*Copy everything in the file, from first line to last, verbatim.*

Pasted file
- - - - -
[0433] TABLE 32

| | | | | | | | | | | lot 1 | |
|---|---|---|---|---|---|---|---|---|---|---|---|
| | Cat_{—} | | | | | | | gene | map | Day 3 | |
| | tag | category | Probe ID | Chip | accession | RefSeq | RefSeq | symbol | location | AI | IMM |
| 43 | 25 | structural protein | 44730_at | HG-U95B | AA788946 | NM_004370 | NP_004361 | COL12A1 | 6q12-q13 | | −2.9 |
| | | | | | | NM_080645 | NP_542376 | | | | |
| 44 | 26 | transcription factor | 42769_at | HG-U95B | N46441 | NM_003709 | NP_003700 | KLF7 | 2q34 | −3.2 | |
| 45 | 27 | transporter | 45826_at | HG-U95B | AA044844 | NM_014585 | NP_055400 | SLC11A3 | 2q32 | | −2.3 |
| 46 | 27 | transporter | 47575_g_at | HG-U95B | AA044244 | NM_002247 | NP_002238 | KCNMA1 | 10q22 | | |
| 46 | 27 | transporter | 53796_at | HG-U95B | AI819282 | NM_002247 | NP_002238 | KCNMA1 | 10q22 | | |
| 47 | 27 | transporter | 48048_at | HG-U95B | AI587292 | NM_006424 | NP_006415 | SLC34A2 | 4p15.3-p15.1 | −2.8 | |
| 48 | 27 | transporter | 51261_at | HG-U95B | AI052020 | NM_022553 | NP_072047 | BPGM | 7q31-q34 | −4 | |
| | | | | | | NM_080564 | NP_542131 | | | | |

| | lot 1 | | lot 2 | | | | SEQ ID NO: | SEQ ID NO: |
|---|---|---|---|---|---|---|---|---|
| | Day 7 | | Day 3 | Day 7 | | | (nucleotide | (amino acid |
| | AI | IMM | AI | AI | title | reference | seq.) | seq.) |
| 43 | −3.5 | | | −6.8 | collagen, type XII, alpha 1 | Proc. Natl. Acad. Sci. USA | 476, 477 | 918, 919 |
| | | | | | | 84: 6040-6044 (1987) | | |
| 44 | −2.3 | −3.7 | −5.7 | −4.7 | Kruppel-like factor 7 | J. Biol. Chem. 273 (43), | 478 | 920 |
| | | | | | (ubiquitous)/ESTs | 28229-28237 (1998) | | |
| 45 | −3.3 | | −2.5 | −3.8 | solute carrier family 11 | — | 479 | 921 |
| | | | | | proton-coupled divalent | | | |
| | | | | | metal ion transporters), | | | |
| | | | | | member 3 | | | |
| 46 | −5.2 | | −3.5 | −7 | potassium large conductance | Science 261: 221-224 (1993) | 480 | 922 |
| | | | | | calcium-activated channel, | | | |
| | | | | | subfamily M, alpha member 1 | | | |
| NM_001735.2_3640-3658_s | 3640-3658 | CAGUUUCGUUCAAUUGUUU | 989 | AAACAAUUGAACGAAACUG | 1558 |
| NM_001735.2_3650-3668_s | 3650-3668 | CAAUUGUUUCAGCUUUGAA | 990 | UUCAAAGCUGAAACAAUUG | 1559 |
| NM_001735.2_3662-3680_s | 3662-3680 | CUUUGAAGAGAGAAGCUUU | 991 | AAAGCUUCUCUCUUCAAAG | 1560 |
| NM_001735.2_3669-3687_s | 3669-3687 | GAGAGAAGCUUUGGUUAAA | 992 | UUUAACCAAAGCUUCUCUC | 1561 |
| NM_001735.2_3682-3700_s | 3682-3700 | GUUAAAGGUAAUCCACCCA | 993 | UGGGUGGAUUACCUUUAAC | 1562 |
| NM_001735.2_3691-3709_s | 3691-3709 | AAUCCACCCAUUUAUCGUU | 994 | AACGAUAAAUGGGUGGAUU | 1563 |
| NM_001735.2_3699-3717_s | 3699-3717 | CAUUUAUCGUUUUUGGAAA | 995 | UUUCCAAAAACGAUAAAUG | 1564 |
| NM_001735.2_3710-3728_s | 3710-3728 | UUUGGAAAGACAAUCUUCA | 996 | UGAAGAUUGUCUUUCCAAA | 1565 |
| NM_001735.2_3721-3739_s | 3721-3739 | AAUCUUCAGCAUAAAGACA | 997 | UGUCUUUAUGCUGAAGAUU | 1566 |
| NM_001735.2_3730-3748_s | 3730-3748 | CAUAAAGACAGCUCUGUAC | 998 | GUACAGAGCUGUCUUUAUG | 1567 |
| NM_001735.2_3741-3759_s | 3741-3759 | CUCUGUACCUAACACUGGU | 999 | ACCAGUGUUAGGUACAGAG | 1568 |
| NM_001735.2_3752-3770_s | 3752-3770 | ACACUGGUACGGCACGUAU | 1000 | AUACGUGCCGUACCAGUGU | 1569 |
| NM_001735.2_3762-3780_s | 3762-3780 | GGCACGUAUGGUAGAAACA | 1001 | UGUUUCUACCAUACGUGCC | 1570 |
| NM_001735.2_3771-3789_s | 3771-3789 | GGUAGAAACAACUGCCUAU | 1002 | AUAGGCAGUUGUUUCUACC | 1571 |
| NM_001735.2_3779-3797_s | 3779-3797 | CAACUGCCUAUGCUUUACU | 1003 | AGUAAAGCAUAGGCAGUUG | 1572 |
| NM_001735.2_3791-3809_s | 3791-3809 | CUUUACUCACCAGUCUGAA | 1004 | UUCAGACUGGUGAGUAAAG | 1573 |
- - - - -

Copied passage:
[0433] TABLE 32

| | | | | | | | | | | lot 1 | |
|---|---|---|---|---|---|---|---|---|---|---|---|
| | Cat_{—} | | | | | | | gene | map | Day 3 | |
| | tag | category | Probe ID | Chip | accession | RefSeq | RefSeq | symbol | location | AI | IMM |
| 43 | 25 | structural protein | 44730_at | HG-U95B | AA788946 | NM_004370 | NP_004361 | COL12A1 | 6q12-q13 | | −2.9 |
| | | | | | | NM_080645 | NP_542376 | | | | |
| 44 | 26 | transcription factor | 42769_at | HG-U95B | N46441 | NM_003709 | NP_003700 | KLF7 | 2q34 | −3.2 | |
| 45 | 27 | transporter | 45826_at | HG-U95B | AA044844 | NM_014585 | NP_055400 | SLC11A3 | 2q32 | | −2.3 |
| 46 | 27 | transporter | 47575_g_at | HG-U95B | AA044244 | NM_002247 | NP_002238 | KCNMA1 | 10q22 | | |
| 46 | 27 | transporter | 53796_at | HG-U95B | AI819282 | NM_002247 | NP_002238 | KCNMA1 | 10q22 | | |
| 47 | 27 | transporter | 48048_at | HG-U95B | AI587292 | NM_006424 | NP_006415 | SLC34A2 | 4p15.3-p15.1 | −2.8 | |
| 48 | 27 | transporter | 51261_at | HG-U95B | AI052020 | NM_022553 | NP_072047 | BPGM | 7q31-q34 | −4 | |
| | | | | | | NM_080564 | NP_542131 | | | | |

| | lot 1 | | lot 2 | | | | SEQ ID NO: | SEQ ID NO: |
|---|---|---|---|---|---|---|---|---|
| | Day 7 | | Day 3 | Day 7 | | | (nucleotide | (amino acid |
| | AI | IMM | AI | AI | title | reference | seq.) | seq.) |
| 43 | −3.5 | | | −6.8 | collagen, type XII, alpha 1 | Proc. Natl. Acad. Sci. USA | 476, 477 | 918, 919 |
| | | | | | | 84: 6040-6044 (1987) | | |
| 44 | −2.3 | −3.7 | −5.7 | −4.7 | Kruppel-like factor 7 | J. Biol. Chem. 273 (43), | 478 | 920 |
| | | | | | (ubiquitous)/ESTs | 28229-28237 (1998) | | |
| 45 | −3.3 | | −2.5 | −3.8 | solute carrier family 11 | — | 479 | 921 |
| | | | | | proton-coupled divalent | | | |
| | | | | | metal ion transporters), | | | |
| | | | | | member 3 | | | |
| 46 | −5.2 | | −3.5 | −7 | potassium large conductance | Science 261: 221-224 (1993) | 480 | 922 |
| | | | | | calcium-activated channel, | | | |
| | | | | | subfamily M, alpha member 1 | | | |
| NM_001735.2_3640-3658_s | 3640-3658 | CAGUUUCGUUCAAUUGUUU | 989 | AAACAAUUGAACGAAACUG | 1558 |
| NM_001735.2_3650-3668_s | 3650-3668 | CAAUUGUUUCAGCUUUGAA | 990 | UUCAAAGCUGAAACAAUUG | 1559 |
| NM_001735.2_3662-3680_s | 3662-3680 | CUUUGAAGAGAGAAGCUUU | 991 | AAAGCUUCUCUCUUCAAAG | 1560 |
| NM_001735.2_3669-3687_s | 3669-3687 | GAGAGAAGCUUUGGUUAAA | 992 | UUUAACCAAAGCUUCUCUC | 1561 |
| NM_001735.2_3682-3700_s | 3682-3700 | GUUAAAGGUAAUCCACCCA | 993 | UGGGUGGAUUACCUUUAAC | 1562 |
| NM_001735.2_3691-3709_s | 3691-3709 | AAUCCACCCAUUUAUCGUU | 994 | AACGAUAAAUGGGUGGAUU | 1563 |
| NM_001735.2_3699-3717_s | 3699-3717 | CAUUUAUCGUUUUUGGAAA | 995 | UUUCCAAAAACGAUAAAUG | 1564 |
| NM_001735.2_3710-3728_s | 3710-3728 | UUUGGAAAGACAAUCUUCA | 996 | UGAAGAUUGUCUUUCCAAA | 1565 |
| NM_001735.2_3721-3739_s | 3721-3739 | AAUCUUCAGCAUAAAGACA | 997 | UGUCUUUAUGCUGAAGAUU | 1566 |
| NM_001735.2_3730-3748_s | 3730-3748 | CAUAAAGACAGCUCUGUAC | 998 | GUACAGAGCUGUCUUUAUG | 1567 |
| NM_001735.2_3741-3759_s | 3741-3759 | CUCUGUACCUAACACUGGU | 999 | ACCAGUGUUAGGUACAGAG | 1568 |
| NM_001735.2_3752-3770_s | 3752-3770 | ACACUGGUACGGCACGUAU | 1000 | AUACGUGCCGUACCAGUGU | 1569 |
| NM_001735.2_3762-3780_s | 3762-3780 | GGCACGUAUGGUAGAAACA | 1001 | UGUUUCUACCAUACGUGCC | 1570 |
| NM_001735.2_3771-3789_s | 3771-3789 | GGUAGAAACAACUGCCUAU | 1002 | AUAGGCAGUUGUUUCUACC | 1571 |
| NM_001735.2_3779-3797_s | 3779-3797 | CAACUGCCUAUGCUUUACU | 1003 | AGUAAAGCAUAGGCAGUUG | 1572 |
| NM_001735.2_3791-3809_s | 3791-3809 | CUUUACUCACCAGUCUGAA | 1004 | UUCAGACUGGUGAGUAAAG | 1573 |